Dear Les Miles,
Can I call you Les? We have spent 12 years together, so I am just going to call you Les.
When I was 21 years old and enjoyed the tailgate culture of LSU more than one probably should, I knew nothing of football. Yet I would walk miles from my boyfriend’s fraternity house to tailgate after tailgate. I hydrated only with whiskey and beer. By the time the game came on I was the boisterous girl you either loved or hated. I never really paid much attention to the man calling the plays. I grew up, much to the relief of my mom. As I grew into the resemblance of an adult, I paid more attention to the game and less to the pre-game. At the helm of the game was you, a man named Les Miles.
It was 2005 when you stepped up to the plate, Katrina had just passed through our coast. You came in, and we wanted greatness. We had gotten a taste of the crystal ball that is the NCAA championship, and we wanted more. We needed a win. You gave us a 11-2 season, and a Peach Bowl victory your first year.
You were a different kind of coach. Just when I thought you were going to let us down, you’d call a play that had us yelling at our screens. Sometimes in anger, sometimes in excitement, but always disbelief. “Why would he call that? HOW DID IT WORK?!” I loved you for this. I felt like your Mad Hatter side was my spirit animal. I longed to be the girl that could upset the dichotomy of this world like you upset the dichotomy of college football.
You ate a blade of grass. You clapped like my toddler when she sees Elmo. You were our coach. You were our Mad Hatter. You led the LSU Tigers to a 2007 National Championship three short seasons after you arrived, and then you stuck around. Tiger fans were in love. Were you who we had been waiting for?
I’ve grown to be a mom since I watched you eat your first blade of grass in Death Valley. For the past 12 years I imagine you’d be the kind of guy I’d want to invite to family dinner. I imagine you’d laugh loudly with us and discuss boudin and smoking pork with the men. I imagine your wife would sit down with us as the kids escaped to the backyard. You like beer right? If not my husband has Swamp Pop in the fridge. None the less, I have always and will always be fond of you. I have always imagined you a good man. That sentiment was supported when I met my husband.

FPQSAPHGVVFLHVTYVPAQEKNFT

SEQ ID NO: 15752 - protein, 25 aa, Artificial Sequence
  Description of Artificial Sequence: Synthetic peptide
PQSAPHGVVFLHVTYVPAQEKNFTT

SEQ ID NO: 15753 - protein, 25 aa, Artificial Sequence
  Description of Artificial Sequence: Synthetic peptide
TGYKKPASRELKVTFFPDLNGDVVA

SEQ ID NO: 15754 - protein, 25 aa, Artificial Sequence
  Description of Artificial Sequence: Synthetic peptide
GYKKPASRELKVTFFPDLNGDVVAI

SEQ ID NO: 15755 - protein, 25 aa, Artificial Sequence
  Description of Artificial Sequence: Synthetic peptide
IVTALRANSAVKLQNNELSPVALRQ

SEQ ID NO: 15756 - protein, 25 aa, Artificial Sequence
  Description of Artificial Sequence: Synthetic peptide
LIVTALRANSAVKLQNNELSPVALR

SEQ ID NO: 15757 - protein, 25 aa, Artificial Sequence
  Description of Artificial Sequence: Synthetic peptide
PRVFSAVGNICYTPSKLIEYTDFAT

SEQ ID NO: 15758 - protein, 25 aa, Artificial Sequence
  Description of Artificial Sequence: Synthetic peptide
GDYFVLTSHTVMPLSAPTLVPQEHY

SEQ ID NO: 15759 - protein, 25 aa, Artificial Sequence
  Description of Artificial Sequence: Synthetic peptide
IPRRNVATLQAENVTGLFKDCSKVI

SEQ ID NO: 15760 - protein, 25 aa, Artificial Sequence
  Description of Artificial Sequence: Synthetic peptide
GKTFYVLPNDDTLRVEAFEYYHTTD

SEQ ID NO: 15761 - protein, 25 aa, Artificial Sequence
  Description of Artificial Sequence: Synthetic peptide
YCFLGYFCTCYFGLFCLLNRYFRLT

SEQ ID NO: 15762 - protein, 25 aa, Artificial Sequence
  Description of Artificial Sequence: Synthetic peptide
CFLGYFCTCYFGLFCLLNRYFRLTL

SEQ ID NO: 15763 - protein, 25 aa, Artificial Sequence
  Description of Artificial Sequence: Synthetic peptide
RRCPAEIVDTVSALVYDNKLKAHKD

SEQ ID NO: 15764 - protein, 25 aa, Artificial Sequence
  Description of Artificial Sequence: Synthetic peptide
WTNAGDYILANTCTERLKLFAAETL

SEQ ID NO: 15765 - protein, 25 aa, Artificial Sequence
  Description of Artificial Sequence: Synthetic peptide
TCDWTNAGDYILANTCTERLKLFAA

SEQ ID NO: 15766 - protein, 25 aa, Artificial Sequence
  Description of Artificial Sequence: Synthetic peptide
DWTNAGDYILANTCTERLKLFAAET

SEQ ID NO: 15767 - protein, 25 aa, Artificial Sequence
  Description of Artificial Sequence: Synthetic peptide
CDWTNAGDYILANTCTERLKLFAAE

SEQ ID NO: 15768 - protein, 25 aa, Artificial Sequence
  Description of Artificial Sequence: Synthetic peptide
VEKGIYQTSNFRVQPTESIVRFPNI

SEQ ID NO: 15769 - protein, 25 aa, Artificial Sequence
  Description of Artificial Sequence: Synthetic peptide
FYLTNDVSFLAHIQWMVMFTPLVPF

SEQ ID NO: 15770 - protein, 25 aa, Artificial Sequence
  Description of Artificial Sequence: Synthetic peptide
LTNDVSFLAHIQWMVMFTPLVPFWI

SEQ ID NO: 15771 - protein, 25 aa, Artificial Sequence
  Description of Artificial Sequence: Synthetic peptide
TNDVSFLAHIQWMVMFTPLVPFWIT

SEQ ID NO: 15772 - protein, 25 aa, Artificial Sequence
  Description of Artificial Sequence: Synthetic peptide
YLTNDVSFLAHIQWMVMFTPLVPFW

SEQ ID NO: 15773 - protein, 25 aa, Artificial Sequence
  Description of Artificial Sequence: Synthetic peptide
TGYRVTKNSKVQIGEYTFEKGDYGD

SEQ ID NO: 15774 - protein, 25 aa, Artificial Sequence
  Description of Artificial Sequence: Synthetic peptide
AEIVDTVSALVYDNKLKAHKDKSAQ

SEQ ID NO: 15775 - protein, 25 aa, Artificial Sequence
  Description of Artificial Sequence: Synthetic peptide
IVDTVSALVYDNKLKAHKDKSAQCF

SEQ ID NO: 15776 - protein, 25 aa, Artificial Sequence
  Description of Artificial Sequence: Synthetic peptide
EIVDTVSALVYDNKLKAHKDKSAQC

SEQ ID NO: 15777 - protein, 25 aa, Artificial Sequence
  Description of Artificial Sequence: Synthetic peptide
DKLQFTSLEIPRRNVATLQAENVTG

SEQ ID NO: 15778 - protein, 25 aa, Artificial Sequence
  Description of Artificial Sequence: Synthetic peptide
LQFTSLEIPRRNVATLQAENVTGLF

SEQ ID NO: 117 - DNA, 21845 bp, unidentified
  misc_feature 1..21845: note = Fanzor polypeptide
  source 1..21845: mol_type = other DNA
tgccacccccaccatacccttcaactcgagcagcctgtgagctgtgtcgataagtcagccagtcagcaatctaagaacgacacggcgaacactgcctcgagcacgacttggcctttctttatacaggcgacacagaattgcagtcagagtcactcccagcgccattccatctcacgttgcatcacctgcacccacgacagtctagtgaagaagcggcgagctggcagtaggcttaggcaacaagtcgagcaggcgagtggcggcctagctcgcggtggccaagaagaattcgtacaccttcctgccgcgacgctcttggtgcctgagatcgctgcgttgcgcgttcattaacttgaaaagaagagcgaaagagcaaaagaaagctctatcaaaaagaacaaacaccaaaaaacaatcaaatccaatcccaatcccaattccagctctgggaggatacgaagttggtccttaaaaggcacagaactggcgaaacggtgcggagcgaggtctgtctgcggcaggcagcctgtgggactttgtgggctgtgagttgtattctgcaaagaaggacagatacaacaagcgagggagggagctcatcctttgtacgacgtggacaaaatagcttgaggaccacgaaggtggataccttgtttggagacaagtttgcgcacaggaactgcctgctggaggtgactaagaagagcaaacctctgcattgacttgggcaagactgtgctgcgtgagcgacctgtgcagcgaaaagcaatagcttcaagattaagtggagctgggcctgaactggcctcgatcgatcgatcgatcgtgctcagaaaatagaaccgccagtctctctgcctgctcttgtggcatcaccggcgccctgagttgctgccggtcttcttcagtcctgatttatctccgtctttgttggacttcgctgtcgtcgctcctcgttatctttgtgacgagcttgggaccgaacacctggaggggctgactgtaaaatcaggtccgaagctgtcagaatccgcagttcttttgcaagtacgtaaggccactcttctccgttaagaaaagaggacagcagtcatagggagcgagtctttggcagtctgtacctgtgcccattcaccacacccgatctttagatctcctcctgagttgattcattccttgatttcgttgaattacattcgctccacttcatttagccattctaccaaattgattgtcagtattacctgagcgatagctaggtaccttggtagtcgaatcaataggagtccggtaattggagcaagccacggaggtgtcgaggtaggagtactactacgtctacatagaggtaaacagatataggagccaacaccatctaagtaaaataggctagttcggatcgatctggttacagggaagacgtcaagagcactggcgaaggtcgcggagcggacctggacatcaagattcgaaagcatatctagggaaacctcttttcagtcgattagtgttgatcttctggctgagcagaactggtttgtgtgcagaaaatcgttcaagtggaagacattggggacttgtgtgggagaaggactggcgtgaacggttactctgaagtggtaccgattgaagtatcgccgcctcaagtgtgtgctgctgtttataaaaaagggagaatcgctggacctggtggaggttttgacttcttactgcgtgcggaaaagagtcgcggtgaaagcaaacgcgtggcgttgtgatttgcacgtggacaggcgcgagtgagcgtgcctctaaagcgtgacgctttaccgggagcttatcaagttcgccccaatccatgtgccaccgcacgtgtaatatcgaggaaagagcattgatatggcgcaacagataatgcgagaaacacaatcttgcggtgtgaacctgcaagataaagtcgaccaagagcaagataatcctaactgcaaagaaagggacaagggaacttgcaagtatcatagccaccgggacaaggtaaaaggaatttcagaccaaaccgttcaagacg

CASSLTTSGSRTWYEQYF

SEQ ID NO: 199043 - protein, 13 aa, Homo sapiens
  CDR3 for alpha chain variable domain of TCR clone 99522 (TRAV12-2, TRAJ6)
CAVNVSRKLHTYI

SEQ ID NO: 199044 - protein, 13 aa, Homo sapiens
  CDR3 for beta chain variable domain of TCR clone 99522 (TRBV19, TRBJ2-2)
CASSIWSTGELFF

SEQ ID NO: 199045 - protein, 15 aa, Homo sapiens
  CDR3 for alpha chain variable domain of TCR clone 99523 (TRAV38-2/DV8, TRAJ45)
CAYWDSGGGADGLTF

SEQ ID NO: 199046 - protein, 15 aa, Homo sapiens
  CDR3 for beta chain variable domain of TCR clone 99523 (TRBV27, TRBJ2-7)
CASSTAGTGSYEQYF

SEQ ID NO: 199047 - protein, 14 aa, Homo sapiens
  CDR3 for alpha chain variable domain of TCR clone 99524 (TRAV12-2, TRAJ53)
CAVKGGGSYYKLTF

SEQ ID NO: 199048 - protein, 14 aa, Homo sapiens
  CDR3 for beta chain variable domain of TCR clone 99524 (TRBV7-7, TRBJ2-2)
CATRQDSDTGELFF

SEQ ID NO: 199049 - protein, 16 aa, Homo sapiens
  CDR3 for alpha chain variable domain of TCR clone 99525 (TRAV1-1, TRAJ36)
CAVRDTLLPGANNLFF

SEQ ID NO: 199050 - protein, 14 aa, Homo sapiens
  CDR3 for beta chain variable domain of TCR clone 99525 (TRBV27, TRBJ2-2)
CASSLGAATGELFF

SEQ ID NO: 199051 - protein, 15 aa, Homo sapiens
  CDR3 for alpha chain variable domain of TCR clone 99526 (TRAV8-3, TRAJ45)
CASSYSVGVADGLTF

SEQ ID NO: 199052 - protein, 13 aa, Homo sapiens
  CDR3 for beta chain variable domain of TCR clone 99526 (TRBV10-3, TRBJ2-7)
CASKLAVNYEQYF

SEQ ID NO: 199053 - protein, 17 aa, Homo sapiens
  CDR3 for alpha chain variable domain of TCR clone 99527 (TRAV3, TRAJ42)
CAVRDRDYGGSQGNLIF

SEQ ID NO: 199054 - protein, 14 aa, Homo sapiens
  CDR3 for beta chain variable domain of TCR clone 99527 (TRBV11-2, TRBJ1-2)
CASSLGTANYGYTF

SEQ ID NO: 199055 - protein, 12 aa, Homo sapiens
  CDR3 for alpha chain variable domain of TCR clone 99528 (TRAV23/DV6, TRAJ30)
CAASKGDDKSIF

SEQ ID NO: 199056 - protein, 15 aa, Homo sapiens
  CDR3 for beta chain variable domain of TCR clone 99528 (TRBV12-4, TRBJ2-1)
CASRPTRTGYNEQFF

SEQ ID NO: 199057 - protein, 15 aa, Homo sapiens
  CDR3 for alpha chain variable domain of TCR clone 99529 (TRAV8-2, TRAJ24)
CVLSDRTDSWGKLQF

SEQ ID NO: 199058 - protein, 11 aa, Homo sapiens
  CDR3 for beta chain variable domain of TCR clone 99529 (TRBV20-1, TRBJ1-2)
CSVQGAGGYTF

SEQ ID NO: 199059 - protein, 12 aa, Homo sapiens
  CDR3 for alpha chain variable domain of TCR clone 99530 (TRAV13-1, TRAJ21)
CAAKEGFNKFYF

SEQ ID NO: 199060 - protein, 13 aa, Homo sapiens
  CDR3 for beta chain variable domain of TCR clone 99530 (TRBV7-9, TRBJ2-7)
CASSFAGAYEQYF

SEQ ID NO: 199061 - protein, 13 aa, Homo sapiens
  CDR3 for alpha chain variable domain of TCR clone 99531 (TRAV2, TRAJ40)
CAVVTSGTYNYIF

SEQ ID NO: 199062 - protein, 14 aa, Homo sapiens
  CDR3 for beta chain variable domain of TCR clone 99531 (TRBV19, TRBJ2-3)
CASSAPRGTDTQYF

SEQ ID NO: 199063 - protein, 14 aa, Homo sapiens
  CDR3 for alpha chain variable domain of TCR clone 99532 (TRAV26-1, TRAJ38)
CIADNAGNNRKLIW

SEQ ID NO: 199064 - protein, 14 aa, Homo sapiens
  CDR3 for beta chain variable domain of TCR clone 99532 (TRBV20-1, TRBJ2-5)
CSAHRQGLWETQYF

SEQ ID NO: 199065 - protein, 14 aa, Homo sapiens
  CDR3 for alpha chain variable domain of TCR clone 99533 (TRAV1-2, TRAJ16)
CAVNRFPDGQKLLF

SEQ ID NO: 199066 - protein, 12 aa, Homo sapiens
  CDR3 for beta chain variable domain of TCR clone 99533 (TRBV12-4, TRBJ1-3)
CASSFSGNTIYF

My husband has told me the story of how you looked at him when he was flying you back and forth to Oklahoma and Baton Rouge and said, “I have kids at home, just get me home safe.”
As the college kid, that’s not something I could have appreciated, but as the mom writing this letter to you, I love you for it.
It’s easy to forget at the end of a tough loss, you’re just a man, a husband, a dad. So I write this letter as a parent myself and as a born and raised Louisianan.
Thank you for being kind.
Thank you for 114 Tiger wins.
Thank you for a national title.
Thank you for a 13-0 regular season.
Thank you for 5 top ten finishes.
Thank you for humbleness and class. A rarity in athletics.
Thank you for being unapologetically yourself.
Thank you for embracing Baton Rouge and making it home.
Thank you for 12 amazingly fun years as the Mad Hatter. Your unpredictability is my favorite quality in you.
Les, you showed Death Valley what it means to Love Purple and Live Gold on and off the football field.
I don’t know where your adventures will take you after this, but if they ever need a pause, our home is open. We will cook some food for the family. We will even garnish your plate with a little blade of grass.
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